Difference between revisions of "Mesh/Oakland"

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* "AT&T and Comcast are the dominant telecommunications service providers in the Bay Area, though competitive providers like Sonic.net serve small pockets in the North Bay and the peninsula. Broadband adoption in the Bay Area is high relative to the state and national averages. As of June 2011 (the most recent data-reporting period), most portions of the Bay Area had broadband-adoption levels near or above 80 percent of households. But there are numerous neighborhoods in areas like Alameda, Oakland, Richmond and San Jose where broadband adoption is well below the state and national averages. Over the past decade, the California Public Utilities Commission has removed regulations and oversight of the state’s major telecom providers. This deregulation was supposed to lower prices and improve consumer choices, but the rates for basic services tripled in just a few short years."
* "AT&T and Comcast are the dominant telecommunications service providers in the Bay Area, though competitive providers like Sonic.net serve small pockets in the North Bay and the peninsula. Broadband adoption in the Bay Area is high relative to the state and national averages. As of June 2011 (the most recent data-reporting period), most portions of the Bay Area had broadband-adoption levels near or above 80 percent of households. But there are numerous neighborhoods in areas like Alameda, Oakland, Richmond and San Jose where broadband adoption is well below the state and national averages. Over the past decade, the California Public Utilities Commission has removed regulations and oversight of the state’s major telecom providers. This deregulation was supposed to lower prices and improve consumer choices, but the rates for basic services tripled in just a few short years."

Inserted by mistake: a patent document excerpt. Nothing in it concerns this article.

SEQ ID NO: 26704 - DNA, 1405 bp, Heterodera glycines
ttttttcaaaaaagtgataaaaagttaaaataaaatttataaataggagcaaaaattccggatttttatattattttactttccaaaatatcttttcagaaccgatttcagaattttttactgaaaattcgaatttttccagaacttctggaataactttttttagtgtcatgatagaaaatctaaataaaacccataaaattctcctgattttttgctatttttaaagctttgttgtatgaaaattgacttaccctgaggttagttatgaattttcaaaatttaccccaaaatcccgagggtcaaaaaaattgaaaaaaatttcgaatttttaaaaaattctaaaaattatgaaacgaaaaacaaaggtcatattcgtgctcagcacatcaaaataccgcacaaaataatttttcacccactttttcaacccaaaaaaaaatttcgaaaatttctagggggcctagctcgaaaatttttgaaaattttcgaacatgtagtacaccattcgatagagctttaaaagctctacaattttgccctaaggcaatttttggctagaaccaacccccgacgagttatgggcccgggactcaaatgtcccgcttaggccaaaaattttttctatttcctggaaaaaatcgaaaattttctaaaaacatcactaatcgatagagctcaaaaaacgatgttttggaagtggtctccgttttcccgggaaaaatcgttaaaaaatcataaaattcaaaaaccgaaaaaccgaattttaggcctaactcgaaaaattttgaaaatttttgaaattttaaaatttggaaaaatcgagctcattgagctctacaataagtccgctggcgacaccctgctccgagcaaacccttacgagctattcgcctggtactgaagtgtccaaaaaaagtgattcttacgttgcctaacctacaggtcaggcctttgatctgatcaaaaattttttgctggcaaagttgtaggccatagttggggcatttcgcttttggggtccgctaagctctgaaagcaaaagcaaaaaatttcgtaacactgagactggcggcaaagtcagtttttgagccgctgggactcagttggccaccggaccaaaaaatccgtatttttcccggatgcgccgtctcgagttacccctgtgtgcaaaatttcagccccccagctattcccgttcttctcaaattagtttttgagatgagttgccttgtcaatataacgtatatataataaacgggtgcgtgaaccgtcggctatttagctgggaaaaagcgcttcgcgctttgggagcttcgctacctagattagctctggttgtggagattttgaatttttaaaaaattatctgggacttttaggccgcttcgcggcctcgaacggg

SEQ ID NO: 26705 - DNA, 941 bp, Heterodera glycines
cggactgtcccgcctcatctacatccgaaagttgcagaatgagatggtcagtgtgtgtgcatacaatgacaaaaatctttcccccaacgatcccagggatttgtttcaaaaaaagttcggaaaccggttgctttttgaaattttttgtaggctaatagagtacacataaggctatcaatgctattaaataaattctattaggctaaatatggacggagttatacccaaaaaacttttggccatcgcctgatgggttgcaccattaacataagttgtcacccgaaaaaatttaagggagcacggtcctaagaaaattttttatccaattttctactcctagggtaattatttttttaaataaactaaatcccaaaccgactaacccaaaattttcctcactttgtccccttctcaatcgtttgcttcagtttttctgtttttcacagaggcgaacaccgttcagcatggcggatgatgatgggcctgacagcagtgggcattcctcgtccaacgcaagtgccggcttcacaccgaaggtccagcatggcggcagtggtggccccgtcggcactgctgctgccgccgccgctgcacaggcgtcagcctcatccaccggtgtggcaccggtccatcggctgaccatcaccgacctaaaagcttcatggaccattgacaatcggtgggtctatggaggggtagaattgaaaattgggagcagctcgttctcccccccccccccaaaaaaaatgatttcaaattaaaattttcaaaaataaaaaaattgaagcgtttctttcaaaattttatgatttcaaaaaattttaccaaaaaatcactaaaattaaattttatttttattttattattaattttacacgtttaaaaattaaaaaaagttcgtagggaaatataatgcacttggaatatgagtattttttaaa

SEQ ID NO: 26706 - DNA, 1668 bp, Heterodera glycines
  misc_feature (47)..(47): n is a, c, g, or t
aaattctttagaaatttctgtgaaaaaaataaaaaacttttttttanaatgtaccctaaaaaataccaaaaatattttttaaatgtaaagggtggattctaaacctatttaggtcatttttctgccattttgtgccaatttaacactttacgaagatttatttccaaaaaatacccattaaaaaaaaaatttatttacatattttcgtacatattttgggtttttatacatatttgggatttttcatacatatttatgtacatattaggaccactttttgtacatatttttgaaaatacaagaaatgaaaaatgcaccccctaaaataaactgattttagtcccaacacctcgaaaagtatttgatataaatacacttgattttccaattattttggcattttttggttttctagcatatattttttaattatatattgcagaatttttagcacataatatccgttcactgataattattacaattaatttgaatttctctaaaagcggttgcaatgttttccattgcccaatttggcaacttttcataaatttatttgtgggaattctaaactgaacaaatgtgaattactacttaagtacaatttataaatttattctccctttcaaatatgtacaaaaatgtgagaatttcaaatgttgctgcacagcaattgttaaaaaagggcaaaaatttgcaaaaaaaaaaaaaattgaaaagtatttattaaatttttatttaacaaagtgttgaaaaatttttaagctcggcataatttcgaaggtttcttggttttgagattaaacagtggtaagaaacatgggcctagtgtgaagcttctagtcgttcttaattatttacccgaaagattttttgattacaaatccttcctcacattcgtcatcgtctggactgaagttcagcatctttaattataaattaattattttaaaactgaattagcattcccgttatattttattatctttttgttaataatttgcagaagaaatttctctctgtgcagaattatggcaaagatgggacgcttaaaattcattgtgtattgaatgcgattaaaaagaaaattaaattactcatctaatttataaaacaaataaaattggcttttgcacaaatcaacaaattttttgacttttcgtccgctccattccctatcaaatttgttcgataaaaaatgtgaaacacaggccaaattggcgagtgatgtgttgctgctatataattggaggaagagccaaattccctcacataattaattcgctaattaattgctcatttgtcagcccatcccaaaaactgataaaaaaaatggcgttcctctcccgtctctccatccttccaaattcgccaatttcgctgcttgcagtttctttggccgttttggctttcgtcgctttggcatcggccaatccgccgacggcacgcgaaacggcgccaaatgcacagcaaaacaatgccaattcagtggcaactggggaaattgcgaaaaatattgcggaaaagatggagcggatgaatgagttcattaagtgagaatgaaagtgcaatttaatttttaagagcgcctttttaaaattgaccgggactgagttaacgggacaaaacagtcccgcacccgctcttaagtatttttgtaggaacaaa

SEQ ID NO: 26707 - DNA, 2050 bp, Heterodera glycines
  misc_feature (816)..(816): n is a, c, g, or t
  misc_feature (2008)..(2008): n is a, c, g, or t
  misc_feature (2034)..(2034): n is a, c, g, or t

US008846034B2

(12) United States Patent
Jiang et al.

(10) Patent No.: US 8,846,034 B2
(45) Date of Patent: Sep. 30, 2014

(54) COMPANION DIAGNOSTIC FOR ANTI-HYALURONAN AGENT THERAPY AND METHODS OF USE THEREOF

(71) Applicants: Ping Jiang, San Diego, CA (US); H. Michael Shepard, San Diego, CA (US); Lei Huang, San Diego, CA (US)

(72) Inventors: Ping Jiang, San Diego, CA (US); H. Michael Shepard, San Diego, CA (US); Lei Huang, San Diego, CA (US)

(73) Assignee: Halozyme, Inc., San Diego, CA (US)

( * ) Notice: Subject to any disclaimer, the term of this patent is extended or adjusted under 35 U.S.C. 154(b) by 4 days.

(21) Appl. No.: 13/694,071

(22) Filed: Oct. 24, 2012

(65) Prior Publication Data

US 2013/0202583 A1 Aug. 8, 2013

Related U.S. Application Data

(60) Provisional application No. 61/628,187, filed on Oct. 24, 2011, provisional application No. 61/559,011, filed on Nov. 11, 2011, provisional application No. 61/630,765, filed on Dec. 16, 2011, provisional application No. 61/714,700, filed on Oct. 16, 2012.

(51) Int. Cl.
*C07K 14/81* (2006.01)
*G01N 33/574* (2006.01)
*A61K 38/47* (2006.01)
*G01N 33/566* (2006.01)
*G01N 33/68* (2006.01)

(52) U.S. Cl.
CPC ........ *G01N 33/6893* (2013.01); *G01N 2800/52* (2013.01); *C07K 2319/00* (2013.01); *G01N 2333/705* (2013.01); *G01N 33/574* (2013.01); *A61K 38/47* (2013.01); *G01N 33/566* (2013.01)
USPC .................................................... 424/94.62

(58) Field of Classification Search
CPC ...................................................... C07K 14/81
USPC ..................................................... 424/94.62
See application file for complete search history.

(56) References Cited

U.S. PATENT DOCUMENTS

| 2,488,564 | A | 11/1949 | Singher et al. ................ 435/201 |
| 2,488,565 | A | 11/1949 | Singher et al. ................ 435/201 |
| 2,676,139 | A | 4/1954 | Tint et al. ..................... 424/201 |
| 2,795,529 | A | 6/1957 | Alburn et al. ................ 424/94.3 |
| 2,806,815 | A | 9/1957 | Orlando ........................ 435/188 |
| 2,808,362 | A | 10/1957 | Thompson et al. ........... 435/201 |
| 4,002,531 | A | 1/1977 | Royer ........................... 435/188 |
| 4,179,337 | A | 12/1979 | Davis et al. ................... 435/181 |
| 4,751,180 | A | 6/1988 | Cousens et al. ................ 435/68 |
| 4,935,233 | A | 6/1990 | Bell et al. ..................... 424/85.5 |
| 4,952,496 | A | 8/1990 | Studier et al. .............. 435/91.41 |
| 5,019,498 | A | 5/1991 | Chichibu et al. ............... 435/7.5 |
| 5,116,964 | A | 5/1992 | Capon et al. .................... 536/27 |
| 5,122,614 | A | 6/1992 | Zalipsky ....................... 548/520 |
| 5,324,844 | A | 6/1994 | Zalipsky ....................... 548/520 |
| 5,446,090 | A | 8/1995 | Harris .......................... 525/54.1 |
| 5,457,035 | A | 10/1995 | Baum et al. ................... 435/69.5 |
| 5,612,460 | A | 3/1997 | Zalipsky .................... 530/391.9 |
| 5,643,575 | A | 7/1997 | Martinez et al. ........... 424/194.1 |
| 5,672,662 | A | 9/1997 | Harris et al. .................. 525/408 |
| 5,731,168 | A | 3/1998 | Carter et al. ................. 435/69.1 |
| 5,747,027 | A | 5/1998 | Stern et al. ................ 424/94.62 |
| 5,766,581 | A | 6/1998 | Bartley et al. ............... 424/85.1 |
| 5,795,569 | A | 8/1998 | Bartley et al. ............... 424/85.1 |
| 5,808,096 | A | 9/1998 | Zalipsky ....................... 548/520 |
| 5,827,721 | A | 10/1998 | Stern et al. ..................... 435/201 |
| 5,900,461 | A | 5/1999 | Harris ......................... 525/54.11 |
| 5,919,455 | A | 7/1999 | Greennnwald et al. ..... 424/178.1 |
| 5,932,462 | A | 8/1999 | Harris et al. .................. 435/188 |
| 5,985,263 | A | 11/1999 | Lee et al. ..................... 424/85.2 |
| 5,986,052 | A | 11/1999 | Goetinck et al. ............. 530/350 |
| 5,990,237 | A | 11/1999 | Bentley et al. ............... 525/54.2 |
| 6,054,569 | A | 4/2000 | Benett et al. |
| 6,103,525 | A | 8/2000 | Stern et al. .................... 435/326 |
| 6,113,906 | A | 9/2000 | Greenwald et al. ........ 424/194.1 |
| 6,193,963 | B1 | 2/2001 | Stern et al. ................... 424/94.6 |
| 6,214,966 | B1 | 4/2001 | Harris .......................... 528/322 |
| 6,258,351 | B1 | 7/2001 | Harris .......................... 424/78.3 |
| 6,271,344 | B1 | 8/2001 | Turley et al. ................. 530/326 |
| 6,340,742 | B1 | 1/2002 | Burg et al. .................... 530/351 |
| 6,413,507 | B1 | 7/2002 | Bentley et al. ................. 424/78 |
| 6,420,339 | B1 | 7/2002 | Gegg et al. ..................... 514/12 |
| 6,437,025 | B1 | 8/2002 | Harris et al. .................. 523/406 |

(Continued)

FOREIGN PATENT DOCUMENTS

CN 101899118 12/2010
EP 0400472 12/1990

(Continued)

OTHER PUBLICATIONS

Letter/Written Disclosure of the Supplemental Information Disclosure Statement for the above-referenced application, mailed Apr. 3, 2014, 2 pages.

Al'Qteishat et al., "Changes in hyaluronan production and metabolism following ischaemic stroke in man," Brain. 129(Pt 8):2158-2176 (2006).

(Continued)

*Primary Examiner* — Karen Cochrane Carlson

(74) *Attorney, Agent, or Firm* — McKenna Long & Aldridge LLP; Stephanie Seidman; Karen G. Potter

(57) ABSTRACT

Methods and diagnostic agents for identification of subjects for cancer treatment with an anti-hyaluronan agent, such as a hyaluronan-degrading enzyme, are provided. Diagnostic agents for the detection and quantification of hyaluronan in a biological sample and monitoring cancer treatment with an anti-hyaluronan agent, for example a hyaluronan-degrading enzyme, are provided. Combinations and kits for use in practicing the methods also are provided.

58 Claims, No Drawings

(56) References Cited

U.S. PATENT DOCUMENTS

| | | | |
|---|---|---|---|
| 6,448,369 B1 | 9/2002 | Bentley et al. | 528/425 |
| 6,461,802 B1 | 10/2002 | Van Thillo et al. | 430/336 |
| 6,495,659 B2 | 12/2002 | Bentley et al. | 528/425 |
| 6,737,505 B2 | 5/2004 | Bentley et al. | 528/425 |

A 2014 Oakland North article, [OUSD study finds link between lack of Internet, computer access and poverty level https://oaklandnorth.net/2014/12/01/ousd-study-finds-link-between-lack-of-internet-computer-access-and-poverty-level/] maps out the digital divide among Oakland public schools. "'I feel a little different, because some people at my school do have Internet access at home' said Stewart, age 13. 'They don’t have to worry, cause they can go home and do it. But I can’t.' Stewart is not the only student in Oakland who faces this kind of difficulty. According to a study conducted by Oakland Unified School District (OUSD) in August and September, 14,097 students do not have computers and/or high-speed Internet access at home. That represents about 40 percent of the student population in Oakland."
A 2014 Oakland North article, [OUSD study finds link between lack of Internet, computer access and poverty level https://oaklandnorth.net/2014/12/01/ousd-study-finds-link-between-lack-of-internet-computer-access-and-poverty-level/] [https://www.google.com/maps/d/embed?mid=1tUW-afu_eLg2A8qsWt1mF8QnR8Y maps out] the digital divide among Oakland public schools:
"'I feel a little different, because some people at my school do have Internet access at home' said Stewart, age 13. 'They don’t have to worry, cause they can go home and do it. But I can’t.' Stewart is not the only student in Oakland who faces this kind of difficulty. According to a study conducted by Oakland Unified School District (OUSD) in August and September, 14,097 students do not have computers and/or high-speed Internet access at home. That represents about 40 percent of the student population in Oakland."


[http://www.media-alliance.org/downloads/TVA-Oakland-Broadband-Study.pdf City of Oakland Wireless Broadband Feasibility Study] (2009) - Lengthy report on the feasibility of providing free municipal wifi throughout the city of Oakland. Research included focus groups with representatives from the various districts of Oakland, public comments, and extensive mapping of a wireless network operating on the 2.4GHz and 4.9Mz bands.
[http://www.media-alliance.org/downloads/TVA-Oakland-Broadband-Study.pdf City of Oakland Wireless Broadband Feasibility Study] (2009) - Lengthy report on the feasibility of providing free municipal wifi throughout the city of Oakland. Research included focus groups with representatives from the various districts of Oakland, public comments, and extensive mapping of a wireless network operating on the 2.4GHz and 4.9Mz bands.
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